The case It is five o'clock in the morning, and you and your on-call team have been up all night pushing blood, scopolamine, and fluid (not necessarily in that order) into the parade of trauma patients and emergent cases that have come to your operating rooms (ORs). You have five people on your team (four residents and one attending), and two are in rooms already. A call comes out from the wilderness of the surgical intensive care unit (ICU) – a critically ill renal transplant patient with an open abdomen needs to come back to the OR emergently because he may be bleeding. You and the free members of your team hastily dispatch to the ICU to find the patient sedated, vented, and on pressors, with a pulmonary artery catheter in place that has been demonstrating worrisome values for the last few hours. Many other patients in the unit are equally unhealthy, and the staff is in a surly and foul mood from a mixture of high patient acuity, a sick call-out, too much instant coffee, and some questionable salty snack foods. You and your team slunk through the unit seeking the fellow who provides a thumbnail sketch of the last eight-hour course and the general history of the patient. None of it sounds good. You attach your transport monitors – make sure you have your emergency drugs and airway equipment and undock from the mother ship, taking care not to rip any lines out of the patient or wires or tubing out of the wall.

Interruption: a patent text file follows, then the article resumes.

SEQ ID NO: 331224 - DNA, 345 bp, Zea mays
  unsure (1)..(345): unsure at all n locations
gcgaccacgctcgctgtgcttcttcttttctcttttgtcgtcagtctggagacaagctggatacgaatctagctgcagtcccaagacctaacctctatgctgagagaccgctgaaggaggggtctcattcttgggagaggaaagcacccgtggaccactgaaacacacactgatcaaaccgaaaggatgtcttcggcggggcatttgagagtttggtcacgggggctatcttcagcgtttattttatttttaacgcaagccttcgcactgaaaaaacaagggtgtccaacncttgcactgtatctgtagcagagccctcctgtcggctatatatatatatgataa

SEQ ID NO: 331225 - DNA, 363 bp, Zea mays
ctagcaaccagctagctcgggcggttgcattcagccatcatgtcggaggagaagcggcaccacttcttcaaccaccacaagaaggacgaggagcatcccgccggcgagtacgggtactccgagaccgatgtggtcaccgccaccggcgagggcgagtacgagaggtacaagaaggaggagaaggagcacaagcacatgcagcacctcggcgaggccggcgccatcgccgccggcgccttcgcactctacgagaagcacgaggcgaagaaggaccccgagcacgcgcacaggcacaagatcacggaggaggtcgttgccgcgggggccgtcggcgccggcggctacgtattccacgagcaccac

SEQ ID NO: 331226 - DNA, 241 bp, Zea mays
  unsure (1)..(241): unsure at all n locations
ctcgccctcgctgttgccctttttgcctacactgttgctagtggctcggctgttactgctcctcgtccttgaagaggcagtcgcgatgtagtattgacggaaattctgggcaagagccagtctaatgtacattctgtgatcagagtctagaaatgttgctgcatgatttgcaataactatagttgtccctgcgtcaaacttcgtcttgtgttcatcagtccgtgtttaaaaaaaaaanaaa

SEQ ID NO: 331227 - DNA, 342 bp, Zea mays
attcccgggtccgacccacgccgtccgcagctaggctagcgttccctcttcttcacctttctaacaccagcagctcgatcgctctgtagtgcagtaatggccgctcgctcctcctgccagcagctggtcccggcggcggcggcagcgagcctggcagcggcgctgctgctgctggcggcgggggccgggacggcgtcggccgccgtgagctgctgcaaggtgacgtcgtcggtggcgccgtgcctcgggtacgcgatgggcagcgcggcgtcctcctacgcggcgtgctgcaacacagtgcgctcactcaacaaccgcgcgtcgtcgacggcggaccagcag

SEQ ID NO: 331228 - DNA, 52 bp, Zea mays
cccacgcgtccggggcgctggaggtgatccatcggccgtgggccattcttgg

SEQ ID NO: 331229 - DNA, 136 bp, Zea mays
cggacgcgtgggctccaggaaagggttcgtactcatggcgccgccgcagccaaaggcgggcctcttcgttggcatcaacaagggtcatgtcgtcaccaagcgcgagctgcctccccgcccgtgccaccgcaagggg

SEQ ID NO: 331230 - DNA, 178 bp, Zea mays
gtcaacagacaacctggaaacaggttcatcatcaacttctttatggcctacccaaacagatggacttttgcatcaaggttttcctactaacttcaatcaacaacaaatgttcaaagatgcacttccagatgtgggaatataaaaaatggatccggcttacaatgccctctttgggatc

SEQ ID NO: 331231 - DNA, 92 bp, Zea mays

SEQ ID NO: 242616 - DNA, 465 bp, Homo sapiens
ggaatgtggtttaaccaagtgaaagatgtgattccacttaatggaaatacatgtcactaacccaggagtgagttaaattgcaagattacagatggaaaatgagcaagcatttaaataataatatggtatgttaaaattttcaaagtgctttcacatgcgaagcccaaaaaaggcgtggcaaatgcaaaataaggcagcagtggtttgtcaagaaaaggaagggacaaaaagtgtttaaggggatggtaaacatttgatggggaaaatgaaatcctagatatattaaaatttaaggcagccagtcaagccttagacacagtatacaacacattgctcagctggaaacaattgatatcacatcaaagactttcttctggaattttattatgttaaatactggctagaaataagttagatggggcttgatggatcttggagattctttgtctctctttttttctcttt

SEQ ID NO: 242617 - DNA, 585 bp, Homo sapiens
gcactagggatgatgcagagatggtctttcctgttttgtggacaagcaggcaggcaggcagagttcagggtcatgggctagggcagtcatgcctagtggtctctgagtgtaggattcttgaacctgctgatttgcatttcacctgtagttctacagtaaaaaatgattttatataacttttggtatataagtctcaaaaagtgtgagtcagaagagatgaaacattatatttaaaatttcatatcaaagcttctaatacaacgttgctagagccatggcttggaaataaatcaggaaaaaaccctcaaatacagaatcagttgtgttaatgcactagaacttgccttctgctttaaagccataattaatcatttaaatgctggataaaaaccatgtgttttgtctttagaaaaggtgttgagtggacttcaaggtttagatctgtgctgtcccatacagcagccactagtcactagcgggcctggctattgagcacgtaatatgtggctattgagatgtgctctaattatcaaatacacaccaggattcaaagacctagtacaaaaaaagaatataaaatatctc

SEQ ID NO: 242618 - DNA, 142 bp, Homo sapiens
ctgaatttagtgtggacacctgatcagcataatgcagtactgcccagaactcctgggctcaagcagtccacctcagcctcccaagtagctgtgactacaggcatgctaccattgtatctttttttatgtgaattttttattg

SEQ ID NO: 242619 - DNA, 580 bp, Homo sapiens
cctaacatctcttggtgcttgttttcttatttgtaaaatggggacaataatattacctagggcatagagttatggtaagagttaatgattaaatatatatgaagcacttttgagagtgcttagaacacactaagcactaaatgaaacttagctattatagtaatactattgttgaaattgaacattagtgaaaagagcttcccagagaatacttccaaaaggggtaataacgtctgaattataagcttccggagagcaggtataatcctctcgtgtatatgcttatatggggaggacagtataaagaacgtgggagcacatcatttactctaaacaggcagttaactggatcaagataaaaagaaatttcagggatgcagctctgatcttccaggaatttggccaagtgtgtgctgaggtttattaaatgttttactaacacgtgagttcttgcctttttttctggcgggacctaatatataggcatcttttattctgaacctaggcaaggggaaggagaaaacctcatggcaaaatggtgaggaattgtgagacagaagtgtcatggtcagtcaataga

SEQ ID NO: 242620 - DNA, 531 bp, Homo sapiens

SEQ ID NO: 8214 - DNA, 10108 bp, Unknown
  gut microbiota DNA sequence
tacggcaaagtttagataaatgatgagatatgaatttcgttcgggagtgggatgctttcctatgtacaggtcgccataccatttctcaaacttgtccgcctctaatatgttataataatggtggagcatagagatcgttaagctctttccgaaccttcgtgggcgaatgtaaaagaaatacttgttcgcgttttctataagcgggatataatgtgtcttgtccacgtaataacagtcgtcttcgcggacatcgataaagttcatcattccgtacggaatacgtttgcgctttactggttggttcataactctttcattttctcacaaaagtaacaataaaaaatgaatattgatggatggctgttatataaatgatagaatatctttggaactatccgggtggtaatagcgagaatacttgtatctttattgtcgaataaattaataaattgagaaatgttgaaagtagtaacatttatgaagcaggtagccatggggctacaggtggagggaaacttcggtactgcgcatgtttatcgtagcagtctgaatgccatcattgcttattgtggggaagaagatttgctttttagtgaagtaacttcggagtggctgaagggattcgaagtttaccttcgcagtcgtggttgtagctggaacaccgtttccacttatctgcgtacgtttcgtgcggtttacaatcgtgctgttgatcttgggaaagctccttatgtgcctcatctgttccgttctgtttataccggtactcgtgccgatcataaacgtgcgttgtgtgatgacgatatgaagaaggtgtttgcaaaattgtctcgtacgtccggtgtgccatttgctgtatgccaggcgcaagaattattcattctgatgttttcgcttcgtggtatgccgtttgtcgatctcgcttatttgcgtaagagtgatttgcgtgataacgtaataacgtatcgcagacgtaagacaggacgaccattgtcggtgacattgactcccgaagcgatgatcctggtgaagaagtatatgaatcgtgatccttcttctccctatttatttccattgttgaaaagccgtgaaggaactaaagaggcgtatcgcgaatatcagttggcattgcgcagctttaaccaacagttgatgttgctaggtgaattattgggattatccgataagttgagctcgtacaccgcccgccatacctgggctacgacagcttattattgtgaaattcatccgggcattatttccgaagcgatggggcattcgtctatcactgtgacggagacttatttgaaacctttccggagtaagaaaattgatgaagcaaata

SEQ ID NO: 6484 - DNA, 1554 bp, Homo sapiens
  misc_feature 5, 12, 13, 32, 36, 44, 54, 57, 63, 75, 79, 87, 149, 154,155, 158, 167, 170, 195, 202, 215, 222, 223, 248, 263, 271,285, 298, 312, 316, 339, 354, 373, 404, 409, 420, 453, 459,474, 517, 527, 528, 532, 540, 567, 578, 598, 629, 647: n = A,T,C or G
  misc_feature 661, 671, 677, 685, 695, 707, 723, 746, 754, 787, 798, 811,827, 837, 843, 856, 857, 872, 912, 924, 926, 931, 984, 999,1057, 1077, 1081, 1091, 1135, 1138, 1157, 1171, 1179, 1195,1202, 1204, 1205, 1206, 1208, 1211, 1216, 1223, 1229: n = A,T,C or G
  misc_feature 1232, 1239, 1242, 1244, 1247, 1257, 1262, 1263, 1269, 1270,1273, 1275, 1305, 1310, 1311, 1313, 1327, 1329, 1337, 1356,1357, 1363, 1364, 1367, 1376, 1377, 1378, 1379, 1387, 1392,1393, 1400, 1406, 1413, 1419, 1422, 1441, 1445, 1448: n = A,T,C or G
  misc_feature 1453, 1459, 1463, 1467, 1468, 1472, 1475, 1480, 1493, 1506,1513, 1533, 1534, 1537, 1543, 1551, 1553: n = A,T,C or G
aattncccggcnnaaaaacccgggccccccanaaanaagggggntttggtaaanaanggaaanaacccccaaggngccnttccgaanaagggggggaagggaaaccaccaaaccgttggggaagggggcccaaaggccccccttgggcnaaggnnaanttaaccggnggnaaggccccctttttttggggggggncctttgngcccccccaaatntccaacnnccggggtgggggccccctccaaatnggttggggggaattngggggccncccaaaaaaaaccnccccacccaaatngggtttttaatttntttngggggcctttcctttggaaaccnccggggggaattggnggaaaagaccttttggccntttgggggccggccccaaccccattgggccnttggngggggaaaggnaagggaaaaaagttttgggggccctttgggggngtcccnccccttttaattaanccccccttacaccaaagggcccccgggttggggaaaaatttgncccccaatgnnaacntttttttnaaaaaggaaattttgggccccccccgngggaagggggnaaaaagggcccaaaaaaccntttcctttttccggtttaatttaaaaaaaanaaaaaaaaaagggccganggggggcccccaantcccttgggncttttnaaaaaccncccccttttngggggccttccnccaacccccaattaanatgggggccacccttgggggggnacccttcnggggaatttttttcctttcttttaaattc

|Original language||English (US)|
|Title of host publication||Core Clinical Competencies in Anesthesiology|
|Subtitle of host publication||A Case-Based Approach|
|Publisher||Cambridge University Press|
|Number of pages||6|
|State||Published - Jan 1 2010|
ASJC Scopus subject areas